PLEASE NOTE: This is part 2 of the story. Part 1 is online here: http://republibot2.nfshost.com/content/original-fiction-star-sheep-enterprise-part-1-kathryn-garrison-kellogg
I brooded. I tried not to think about Hope. She was one of my special pets. All the sheep had been genetically selected to produce twins, but Hope had had two sisters, Faith and Charity. Their mother had been able to rear twins, but the third one needed to be raised on a bottle, and so I picked the smallest of the triplets and reared her myself. Hope wasn’t the only "bottle baby" I’d had in Scotland, but she was the only one who had made the cut to come with me to Thera; the excuse I’d given was that, as a triplet, she was more likely to produce triplets herself (and thus be of greater value) but the real reason was that I’d gotten attached to her. I was just glad that the consortium funding the colony had accepted my excuse. Faith and Charity came, too. It may have messed with the "genetic diversity" of the flock, but three sisters out of a thousand sheep couldn’t be too much of a problem, especially when the other two got assigned to different bands. Their computerized ear tags would make sure they and their progeny would be kept separated by at least three orders of generation. That is, if they were permitted to live…
Section Twelve lay on the other side of a spur from one of the dormant volcanoes, and as I found a nice level path to chug over, I expected to see six hundred and forty acres of virgin grass liberally speckled with my sheep, all happily munching. What I actually saw when I crested the ridge was completely baffling:
The sheep were gathered in a bunch at the bottom of the slope, looking exactly as though kept in bounds by a fence, only there wasn’t any fence. Captain was standing there looking frustrated and exhausted, and when he heard the hum of the tractor engine, he turned and gave a grateful bark. 'bout time! I heard, very faintly, since I was almost out of transmitter range.
I decided it best to just park the rig and go find out what the trouble was. Captain came loping up to meet me, his tongue lolling twice its normal length. I dropped to a knee and ruffled his head as he collapsed in front of me, panting hard.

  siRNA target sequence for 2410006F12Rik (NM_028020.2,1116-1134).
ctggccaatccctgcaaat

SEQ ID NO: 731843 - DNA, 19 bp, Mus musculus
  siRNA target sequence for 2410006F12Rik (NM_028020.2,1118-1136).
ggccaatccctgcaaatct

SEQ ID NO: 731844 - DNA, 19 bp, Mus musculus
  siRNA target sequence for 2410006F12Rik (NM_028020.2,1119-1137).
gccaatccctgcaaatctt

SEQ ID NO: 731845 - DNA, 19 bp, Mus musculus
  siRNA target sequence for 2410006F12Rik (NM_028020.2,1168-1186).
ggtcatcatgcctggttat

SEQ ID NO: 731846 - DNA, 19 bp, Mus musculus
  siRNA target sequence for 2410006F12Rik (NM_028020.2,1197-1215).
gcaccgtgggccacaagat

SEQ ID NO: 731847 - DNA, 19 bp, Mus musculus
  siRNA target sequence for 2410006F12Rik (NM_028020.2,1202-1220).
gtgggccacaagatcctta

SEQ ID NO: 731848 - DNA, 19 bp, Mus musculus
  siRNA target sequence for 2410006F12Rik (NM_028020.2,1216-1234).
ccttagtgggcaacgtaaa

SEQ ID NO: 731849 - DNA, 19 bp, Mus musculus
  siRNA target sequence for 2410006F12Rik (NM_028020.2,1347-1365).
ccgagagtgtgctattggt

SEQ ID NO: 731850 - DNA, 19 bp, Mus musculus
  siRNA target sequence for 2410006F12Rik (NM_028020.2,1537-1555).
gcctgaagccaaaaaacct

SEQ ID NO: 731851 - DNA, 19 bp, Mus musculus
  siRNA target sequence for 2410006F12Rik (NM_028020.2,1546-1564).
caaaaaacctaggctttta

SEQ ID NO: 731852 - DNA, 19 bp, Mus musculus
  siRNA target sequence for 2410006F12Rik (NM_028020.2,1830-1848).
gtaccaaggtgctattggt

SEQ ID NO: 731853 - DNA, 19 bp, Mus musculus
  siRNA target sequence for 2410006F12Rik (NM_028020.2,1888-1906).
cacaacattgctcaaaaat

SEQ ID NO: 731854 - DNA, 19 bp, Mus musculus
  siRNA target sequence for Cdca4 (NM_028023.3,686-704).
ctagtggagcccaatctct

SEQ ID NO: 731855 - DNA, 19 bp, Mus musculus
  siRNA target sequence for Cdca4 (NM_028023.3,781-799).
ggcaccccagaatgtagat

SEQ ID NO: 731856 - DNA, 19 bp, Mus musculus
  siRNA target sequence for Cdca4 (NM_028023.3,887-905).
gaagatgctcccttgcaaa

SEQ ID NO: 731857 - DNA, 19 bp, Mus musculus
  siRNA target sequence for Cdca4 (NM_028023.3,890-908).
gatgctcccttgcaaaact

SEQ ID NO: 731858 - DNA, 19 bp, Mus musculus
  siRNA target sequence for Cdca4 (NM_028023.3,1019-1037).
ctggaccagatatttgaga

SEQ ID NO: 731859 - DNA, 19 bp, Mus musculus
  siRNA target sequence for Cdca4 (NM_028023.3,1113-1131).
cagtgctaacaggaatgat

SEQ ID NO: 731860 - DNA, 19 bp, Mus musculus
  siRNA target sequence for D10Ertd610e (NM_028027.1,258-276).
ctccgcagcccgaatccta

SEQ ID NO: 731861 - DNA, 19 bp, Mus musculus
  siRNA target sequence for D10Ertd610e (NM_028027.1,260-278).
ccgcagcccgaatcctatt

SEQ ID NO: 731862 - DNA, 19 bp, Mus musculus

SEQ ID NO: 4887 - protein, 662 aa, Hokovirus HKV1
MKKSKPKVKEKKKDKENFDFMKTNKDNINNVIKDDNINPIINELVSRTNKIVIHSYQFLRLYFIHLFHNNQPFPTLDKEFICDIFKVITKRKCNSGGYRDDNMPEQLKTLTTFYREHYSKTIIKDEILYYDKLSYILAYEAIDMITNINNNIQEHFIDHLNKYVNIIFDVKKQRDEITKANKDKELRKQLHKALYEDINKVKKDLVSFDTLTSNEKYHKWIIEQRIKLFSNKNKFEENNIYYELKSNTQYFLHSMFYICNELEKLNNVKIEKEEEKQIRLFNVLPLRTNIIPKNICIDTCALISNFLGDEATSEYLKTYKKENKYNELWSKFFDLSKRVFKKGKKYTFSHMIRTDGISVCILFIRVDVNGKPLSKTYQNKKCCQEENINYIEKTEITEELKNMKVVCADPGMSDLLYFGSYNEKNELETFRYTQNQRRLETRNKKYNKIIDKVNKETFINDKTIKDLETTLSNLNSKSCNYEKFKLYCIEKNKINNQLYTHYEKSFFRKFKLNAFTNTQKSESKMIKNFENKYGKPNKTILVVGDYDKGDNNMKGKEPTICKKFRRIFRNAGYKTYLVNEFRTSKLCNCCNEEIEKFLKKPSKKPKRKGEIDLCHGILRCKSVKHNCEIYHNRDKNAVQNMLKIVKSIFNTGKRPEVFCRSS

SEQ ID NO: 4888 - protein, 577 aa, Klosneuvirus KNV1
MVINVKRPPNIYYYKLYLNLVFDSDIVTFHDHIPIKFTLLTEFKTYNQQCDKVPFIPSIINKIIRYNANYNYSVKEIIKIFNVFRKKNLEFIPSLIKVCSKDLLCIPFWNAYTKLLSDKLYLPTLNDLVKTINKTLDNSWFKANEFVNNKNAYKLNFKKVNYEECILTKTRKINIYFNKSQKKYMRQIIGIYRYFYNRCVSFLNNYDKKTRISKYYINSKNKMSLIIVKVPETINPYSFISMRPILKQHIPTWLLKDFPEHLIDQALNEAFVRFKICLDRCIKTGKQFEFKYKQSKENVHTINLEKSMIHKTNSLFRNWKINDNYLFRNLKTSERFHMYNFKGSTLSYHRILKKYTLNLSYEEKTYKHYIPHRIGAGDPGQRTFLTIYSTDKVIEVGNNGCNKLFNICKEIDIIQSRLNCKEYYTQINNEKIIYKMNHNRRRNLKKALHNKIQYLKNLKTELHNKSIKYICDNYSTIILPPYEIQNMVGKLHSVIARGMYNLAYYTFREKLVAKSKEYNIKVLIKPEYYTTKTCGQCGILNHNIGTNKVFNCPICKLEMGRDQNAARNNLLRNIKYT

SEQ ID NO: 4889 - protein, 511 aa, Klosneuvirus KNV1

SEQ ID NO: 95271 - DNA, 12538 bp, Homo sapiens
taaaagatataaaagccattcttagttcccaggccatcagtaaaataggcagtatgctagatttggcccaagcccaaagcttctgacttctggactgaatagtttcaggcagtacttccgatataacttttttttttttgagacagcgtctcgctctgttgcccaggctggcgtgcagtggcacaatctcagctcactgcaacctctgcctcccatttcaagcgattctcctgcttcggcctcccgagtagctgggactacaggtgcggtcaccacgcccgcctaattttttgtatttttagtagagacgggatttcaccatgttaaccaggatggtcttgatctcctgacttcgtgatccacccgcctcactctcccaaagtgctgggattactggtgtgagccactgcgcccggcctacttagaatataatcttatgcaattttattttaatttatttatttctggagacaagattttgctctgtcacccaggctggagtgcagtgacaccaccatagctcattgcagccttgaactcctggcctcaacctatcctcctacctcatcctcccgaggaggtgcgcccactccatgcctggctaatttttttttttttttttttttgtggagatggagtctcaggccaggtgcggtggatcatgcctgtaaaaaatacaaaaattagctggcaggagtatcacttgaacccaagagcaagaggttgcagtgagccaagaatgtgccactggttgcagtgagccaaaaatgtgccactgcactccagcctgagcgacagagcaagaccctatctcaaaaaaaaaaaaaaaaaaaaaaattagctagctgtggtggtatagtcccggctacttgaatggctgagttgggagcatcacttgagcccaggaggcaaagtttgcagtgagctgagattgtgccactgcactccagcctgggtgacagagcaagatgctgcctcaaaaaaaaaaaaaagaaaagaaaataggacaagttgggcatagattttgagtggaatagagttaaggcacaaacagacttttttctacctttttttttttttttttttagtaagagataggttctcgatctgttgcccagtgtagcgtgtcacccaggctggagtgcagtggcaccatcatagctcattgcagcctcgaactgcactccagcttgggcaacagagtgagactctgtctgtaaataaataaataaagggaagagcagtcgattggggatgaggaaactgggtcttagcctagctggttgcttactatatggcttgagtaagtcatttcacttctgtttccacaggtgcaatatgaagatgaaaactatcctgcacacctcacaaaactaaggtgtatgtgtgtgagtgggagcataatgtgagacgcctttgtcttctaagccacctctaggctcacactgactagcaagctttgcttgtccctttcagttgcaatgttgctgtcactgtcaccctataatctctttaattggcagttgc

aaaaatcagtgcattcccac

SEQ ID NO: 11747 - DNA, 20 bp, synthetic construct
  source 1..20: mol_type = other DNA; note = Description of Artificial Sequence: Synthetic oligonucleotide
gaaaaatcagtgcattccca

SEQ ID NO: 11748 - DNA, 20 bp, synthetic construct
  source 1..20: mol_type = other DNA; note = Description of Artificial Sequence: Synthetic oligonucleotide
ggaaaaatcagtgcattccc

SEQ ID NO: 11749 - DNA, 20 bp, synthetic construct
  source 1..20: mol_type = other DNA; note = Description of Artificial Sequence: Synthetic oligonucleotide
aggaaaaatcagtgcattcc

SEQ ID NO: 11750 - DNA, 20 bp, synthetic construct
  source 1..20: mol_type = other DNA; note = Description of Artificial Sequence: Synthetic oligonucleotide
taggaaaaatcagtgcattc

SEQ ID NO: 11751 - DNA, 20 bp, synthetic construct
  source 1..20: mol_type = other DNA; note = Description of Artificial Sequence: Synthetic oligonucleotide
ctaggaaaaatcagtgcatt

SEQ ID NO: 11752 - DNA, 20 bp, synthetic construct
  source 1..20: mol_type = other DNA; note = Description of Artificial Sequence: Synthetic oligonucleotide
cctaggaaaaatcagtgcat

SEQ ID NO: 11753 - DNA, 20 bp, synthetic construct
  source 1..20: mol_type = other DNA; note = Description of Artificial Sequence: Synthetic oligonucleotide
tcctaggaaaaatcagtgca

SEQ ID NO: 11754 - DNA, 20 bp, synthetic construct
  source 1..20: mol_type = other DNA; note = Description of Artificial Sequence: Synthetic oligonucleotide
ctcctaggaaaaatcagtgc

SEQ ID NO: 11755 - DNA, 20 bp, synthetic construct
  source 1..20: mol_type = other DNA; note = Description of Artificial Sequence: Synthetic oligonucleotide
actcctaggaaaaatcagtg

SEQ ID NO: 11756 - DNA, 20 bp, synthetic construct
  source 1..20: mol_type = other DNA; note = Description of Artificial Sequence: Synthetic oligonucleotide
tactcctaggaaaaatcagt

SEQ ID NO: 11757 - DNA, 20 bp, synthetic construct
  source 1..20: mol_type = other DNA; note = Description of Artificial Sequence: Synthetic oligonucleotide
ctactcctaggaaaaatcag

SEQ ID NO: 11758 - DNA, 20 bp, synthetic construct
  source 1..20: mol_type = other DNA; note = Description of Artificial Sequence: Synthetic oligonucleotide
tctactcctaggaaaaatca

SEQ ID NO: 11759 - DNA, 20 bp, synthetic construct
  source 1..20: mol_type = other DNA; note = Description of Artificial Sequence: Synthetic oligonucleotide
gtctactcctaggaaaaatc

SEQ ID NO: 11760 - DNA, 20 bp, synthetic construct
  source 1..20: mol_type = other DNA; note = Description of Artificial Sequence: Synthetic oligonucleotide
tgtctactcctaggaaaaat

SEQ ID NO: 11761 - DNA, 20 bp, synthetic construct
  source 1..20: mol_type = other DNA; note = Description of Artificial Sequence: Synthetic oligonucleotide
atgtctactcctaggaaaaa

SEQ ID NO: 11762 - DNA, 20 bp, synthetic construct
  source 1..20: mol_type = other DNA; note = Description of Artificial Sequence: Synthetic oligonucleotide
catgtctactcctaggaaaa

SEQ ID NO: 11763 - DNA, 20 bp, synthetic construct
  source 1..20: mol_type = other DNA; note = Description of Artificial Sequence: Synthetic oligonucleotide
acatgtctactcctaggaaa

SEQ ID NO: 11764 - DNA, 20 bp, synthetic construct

"What’s the matter?" I asked, and his response sounded weary, but from disgust, since the words had nothing to do with his breathing.
sheep no go in field he stated.
I looked over his head at the flock. They were all looking back at me. A few of them vocalized, but for the most part, they were eerily silent. I started to get a bad feeling that ran from between my shoulders to my guts. This wasn’t normal, by any stretch of the term. They should have poured into that valley like grain through a chute.
"Well, make them go into the field!" I said to Captain, who just looked at me like I was an idiot making a bad joke. If he’d had arms, he would have gestured in frustration.
Cap try. sheep no go in field. say smell bad. he told me, getting to his feet and barking.
And the sheep, responding to his bark, all began to bleat as one. It sounded like a very large, badly tuned pipe organ.
When they quieted down enough for me to speak, I asked Captain, "They say it ‘smells bad?’ What do you mean, ‘smells bad?’"
Captain almost rolled his eyes. dirt smell bad! he replied. come! you smell!
I followed my dog down into the field, and he briefly touched his nose to the grass, then looked imploringly up at me. dirt smell bad! he insisted. you smell too!
Now, when a dog tells you to smell something that it thinks smells bad, you proceed with caution. I got down on my hands and knees, put my face close to the grass, and gave it a hesitant sniff. At first, I only smelled grass, but then I noticed another smell, a…a bad smell…like chemicals….
I sat up, took a breath of the higher air to reset my palate, then bent over and took a longer, more intense sniff. The sheep were right. There was an awful odor down there, just a few inches off the ground—
I stood. Couldn’t smell it up there, nor at waist height or even knee height. It was only down close to the ground, where a sheep’s nose would be, that I could smell